Mister Rogers loved taking photographs far more than being photographed.
The afternoon I met him, he snapped a few of my mother and me, and later sent them to her. Tim Russert tells a similar story. And Bev Hall has more than one photo of Mister Rogers taking photos. Apparently, he was never far from his camera.
I spent the balance of this afternoon watching The Graduate on DVD while scanning and sizing the nearly six dozen photographs that Davy Rothbart and Beverly Hall sent to me.
It's an extraordinary blessing, really, that they've shared entire photo albums with me. Not only do appreciate their generosity and confidence, these photos make the construction of the film possible. I'm still waiting on Lynn Johnson's photo archive, plus the results of Katia's photo agency research, but already we already posess enough supporting material to finish the film.
Many of Bev's photos are from an blustery afternoon in 1967 when Mister Rogers shot an interview with local legend Madaket Millie for air on the "Neighborhood." As I think I've mentioned, her photos of Fred and Millie from that afternoon is a beloved image on Nantucket. It hangs framed in many an island cottage. The photos she shared with me -- over fifty in all -- afford an even warmer, more intimate portrait of that day. There's also more current fare, like this one she took at a Nantucket wedding. That's how I remember him.
Davy's photos look like they were pulled from the pages of my family's photo albums. I recognize the 70s well: the short shorts, Sesame Street t-shirts, a Dutch Boy haircut. And I recognize all the locations in the photos: Eel's Point, Madaket Bay, and -- of course -- Mister Rogers' Crooked House.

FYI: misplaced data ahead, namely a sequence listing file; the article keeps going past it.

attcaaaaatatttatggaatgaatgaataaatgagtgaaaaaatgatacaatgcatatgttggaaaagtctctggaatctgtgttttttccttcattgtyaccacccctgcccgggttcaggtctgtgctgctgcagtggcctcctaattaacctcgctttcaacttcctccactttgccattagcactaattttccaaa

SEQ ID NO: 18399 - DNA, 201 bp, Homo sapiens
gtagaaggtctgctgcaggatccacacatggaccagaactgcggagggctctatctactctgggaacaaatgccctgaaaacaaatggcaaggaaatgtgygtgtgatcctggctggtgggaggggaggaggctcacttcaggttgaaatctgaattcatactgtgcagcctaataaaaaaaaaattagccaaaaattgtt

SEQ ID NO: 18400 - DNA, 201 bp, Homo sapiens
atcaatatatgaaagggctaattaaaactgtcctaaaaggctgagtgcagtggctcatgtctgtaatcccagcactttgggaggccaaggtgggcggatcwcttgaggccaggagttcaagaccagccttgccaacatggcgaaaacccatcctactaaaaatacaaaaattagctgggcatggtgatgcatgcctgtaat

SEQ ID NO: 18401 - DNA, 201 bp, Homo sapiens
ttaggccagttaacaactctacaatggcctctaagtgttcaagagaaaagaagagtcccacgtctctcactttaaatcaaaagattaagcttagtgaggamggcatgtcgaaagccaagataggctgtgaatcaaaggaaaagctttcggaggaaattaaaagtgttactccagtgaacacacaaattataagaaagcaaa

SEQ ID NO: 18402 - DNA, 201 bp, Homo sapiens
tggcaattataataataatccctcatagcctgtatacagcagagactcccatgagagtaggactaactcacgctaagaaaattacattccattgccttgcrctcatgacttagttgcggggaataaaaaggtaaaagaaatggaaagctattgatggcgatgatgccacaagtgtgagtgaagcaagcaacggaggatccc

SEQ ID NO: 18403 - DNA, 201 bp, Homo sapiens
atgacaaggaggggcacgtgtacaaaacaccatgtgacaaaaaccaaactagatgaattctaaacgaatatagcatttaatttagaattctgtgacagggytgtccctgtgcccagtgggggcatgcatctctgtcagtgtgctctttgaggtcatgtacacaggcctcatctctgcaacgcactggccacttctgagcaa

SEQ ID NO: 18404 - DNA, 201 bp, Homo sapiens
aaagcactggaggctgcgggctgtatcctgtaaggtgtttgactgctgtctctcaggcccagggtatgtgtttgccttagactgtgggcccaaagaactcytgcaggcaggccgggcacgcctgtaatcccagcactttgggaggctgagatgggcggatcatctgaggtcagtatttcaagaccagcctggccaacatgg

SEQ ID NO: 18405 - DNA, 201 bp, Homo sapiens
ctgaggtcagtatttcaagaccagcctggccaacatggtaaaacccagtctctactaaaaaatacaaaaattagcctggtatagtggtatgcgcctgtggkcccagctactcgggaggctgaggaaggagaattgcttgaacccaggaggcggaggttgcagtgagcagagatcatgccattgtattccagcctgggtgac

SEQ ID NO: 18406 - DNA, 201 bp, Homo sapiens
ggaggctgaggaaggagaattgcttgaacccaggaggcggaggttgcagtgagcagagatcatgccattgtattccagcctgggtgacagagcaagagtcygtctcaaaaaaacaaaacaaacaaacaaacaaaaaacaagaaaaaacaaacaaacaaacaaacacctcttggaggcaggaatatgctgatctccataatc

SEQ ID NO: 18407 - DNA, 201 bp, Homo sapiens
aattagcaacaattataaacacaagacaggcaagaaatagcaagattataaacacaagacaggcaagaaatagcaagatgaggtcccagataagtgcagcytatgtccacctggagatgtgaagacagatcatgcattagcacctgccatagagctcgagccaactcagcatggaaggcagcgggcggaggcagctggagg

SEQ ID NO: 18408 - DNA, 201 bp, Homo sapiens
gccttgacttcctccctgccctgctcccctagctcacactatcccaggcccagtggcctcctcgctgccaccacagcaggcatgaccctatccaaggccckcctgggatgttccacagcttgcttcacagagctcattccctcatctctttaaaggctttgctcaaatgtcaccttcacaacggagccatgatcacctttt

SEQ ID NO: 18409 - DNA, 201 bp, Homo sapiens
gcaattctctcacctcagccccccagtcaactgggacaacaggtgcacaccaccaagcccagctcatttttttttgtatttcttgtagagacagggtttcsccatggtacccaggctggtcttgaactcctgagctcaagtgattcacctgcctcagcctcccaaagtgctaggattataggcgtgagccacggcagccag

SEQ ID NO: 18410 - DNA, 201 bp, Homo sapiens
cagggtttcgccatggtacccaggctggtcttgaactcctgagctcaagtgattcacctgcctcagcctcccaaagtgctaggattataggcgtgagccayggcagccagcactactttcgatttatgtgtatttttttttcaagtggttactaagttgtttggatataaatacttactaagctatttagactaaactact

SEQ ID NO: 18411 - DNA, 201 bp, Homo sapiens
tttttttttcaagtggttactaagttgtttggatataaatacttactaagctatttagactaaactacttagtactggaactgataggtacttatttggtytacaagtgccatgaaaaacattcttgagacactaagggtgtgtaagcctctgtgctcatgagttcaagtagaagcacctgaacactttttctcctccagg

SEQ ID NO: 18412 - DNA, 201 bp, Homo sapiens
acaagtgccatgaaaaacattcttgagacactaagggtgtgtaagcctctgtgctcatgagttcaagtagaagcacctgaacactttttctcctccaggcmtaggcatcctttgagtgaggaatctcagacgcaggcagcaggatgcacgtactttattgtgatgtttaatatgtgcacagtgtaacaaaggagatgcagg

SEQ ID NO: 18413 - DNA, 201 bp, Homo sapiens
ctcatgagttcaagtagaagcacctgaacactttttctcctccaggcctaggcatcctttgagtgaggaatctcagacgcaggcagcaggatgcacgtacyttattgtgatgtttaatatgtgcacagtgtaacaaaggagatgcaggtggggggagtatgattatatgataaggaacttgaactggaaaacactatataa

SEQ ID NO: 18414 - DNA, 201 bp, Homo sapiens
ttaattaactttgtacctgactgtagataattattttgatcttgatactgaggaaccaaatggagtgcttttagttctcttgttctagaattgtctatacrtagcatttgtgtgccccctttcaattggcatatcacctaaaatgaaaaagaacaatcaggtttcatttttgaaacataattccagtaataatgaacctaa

I finished scripting Davy's segment last night. Despite having interviewed him at three o'clock in the morning, he nailed the essence of the man:
It's easy to feel isolated, like you're dealing with something and you're the only one. But you pick up some note off the ground from a total stranger and it turns out they're experiencing the same difficult experience you're going through. It's a powerful thing to realize, 'I'm not alone here.' Somebody else is dealing with the same thing. Mister Rogers dealt with some pretty difficult things on his show especially for public television -- death, divorce -- and I think that was what he wanted to communicate. This is stuff we all have to deal with yunno? You're not weird because you're afraid you're gonna go down the drain, or your parents are getting divorced.
It's one of Mister Rogers' greatest lessons, I think, that we're not alone.
In fact, Abbi's out of town, so I've been alone with "Mister Rogers & Me" all weekend. Pouring over these photos and screening interviews with Bev and Davy, 826NYC and the Children's Museum of Pittsburgh, though, I feel warm and welcome, like I'm a part of some great big circle of friends. I don't feel lonesome at all.